Ghislaine Maxwell's Legal Battle Just Took A Starling Turn

In January 2022, news broke about the juror in the Ghislaine Maxwell case who may have failed to disclose his own experiences with sexual abuse. If true, this failure to disclose could have devastating effects for the legal case against Maxwell.

When the jury began deliberations in Maxwell's trial, some initially doubted some of Maxwell's accusers, per Reuters. But one juror, Scotty David, spoke up and shared his own experiences with sexual abuse, including how trauma can distort memory. He told The Independent that when fellow jurors started questioning why victims had waited so long to come forward, he told them how long it took him to come forward about his own abuse. "We cannot judge what they did or didn't do afterward," David said. "It doesn't change that it happened."

After he shared more of his personal experiences, David told Reuters, "they were able to sort of come around on, they were able to come around on the memory aspect of the sexual abuse."

Of the jury selection process, otherwise known as voir dire, the Jury Handbook for the Southern District of New York states, "Questions are then asked to find out whether any individuals on the panel have any personal interest in the case or know of any reason why they cannot render an impartial verdict." Since David's personal experiences were what reportedly helped sway his fellow jurors towards a guilty verdict, whether or not Maxwell did receive a fair trial is being called into question, Oxygen reported.

Ghislaine Maxwell might be granted a new trial

Ghislaine Maxwell was convicted in December 2021 on charges related to sex trafficking. It is alleged that she helped her former boyfriend, Jeffrey Epstein, to "recruit and groom" girls for high profile figures, allegedly including the likes of Prince AndrewOxygen reported. However, now her attorneys are claiming that Scotty David, also known as "Juror 50," may have swayed the guilty verdict and have requested a new trial. In the wake of the revelations surrounding juror David, a court filing showed that prosecutors have reached out to the presiding judge, Judge Alison Nathan, asking for an inquiry into the matter. 

"While the court instructed jurors that they were free to discuss their jury service with anyone of their choosing, some of the statements, as related in the media, merit attention by the court," the court filing in question reads. 

According to Reuters, part of an initial juror questionnaire during the jury selection process asked if potential jurors or their family members had previously experienced sexual abuse. However, David said he did not remember being asked about his experience during questioning. He also admits that he "flew through" the initial questionnaire, and also didn't recall being asked on the form about personal experiences with sexual abuse, claiming he would have answered honestly.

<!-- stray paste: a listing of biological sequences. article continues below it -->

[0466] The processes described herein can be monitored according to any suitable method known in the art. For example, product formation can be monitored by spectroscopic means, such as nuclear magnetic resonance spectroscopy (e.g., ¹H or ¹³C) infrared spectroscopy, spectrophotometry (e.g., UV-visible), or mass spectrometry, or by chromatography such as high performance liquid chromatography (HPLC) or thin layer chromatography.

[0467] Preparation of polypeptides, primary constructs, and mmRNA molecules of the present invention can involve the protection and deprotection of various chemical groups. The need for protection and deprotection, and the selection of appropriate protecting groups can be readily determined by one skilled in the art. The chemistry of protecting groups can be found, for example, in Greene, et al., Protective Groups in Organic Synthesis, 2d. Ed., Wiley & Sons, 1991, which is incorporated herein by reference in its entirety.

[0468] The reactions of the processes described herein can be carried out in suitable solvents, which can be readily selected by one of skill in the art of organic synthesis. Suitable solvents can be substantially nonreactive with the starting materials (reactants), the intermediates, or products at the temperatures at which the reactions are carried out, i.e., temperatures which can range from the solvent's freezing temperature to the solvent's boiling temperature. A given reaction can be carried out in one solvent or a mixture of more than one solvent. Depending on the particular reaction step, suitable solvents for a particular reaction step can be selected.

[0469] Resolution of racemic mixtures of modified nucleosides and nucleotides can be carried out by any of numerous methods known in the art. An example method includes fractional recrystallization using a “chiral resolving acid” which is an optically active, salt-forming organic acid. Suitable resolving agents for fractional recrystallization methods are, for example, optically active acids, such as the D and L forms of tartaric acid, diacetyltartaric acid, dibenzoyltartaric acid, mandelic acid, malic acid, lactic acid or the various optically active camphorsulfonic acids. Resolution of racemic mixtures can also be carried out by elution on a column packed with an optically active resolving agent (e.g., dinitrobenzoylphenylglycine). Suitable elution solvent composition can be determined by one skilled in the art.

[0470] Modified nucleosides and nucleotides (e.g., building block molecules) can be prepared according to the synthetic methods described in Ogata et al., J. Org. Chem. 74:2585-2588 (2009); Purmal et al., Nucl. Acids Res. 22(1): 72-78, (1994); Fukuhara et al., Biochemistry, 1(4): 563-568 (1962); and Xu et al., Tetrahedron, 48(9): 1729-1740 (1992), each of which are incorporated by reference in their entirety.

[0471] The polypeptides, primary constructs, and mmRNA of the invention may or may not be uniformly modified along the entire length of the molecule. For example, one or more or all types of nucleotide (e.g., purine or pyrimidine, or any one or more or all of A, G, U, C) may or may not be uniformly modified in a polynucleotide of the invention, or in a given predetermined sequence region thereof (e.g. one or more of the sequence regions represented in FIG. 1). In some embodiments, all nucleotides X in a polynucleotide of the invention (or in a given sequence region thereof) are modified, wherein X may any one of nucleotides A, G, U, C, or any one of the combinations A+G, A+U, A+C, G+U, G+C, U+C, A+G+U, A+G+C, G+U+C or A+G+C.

If you or anyone you know has been a victim of sexual assault, help is available. Visit the Rape, Abuse & Incest National Network website or contact RAINN's National Helpline at 1-800-656-HOPE (4673).

What the Ghislaine Maxwell trial developments could mean

Whether or not Scotty David is telling the truth about how he answered questions during the jury selection questionnaire is the subject of Ghislaine Maxwell's attorney's latest move. Their motion for a new trial also came with a request that the motion remain sealed until Judge Alison Nathan rules on their motion — or until a hearing can be held, per Oxygen. This move arrives in response to David hiring his own lawyer and filing a request for the answers he provided.

Maxwell's attorney's new main objective is to stop David and defense attorneys from seeing what David answered on his initial juror questionnaire. In a court filing obtained by The Guardian, the attorneys argued that having access to the questionnaire answers would provide "a roadmap of the defense's examination of Juror 50 and will allow him to plan out or tailor his responses." The court filing also claims that there is enough evidence already to show that Maxwell is entitled to a new trial.

If it is proven that David had to convince his fellow jurors that Maxwell was guilty, this may not bode well for another guilty verdict if Maxwell is granted a new trial. Meanwhile, David told Reuters that he does not accept the defense's argument that Maxwell was being used as a scapegoat for the late Jeffrey Epstein's crimes, who died while awaiting trial on sex abuse charges. "She participated, she was complicit, she did nothing to stop it," he said.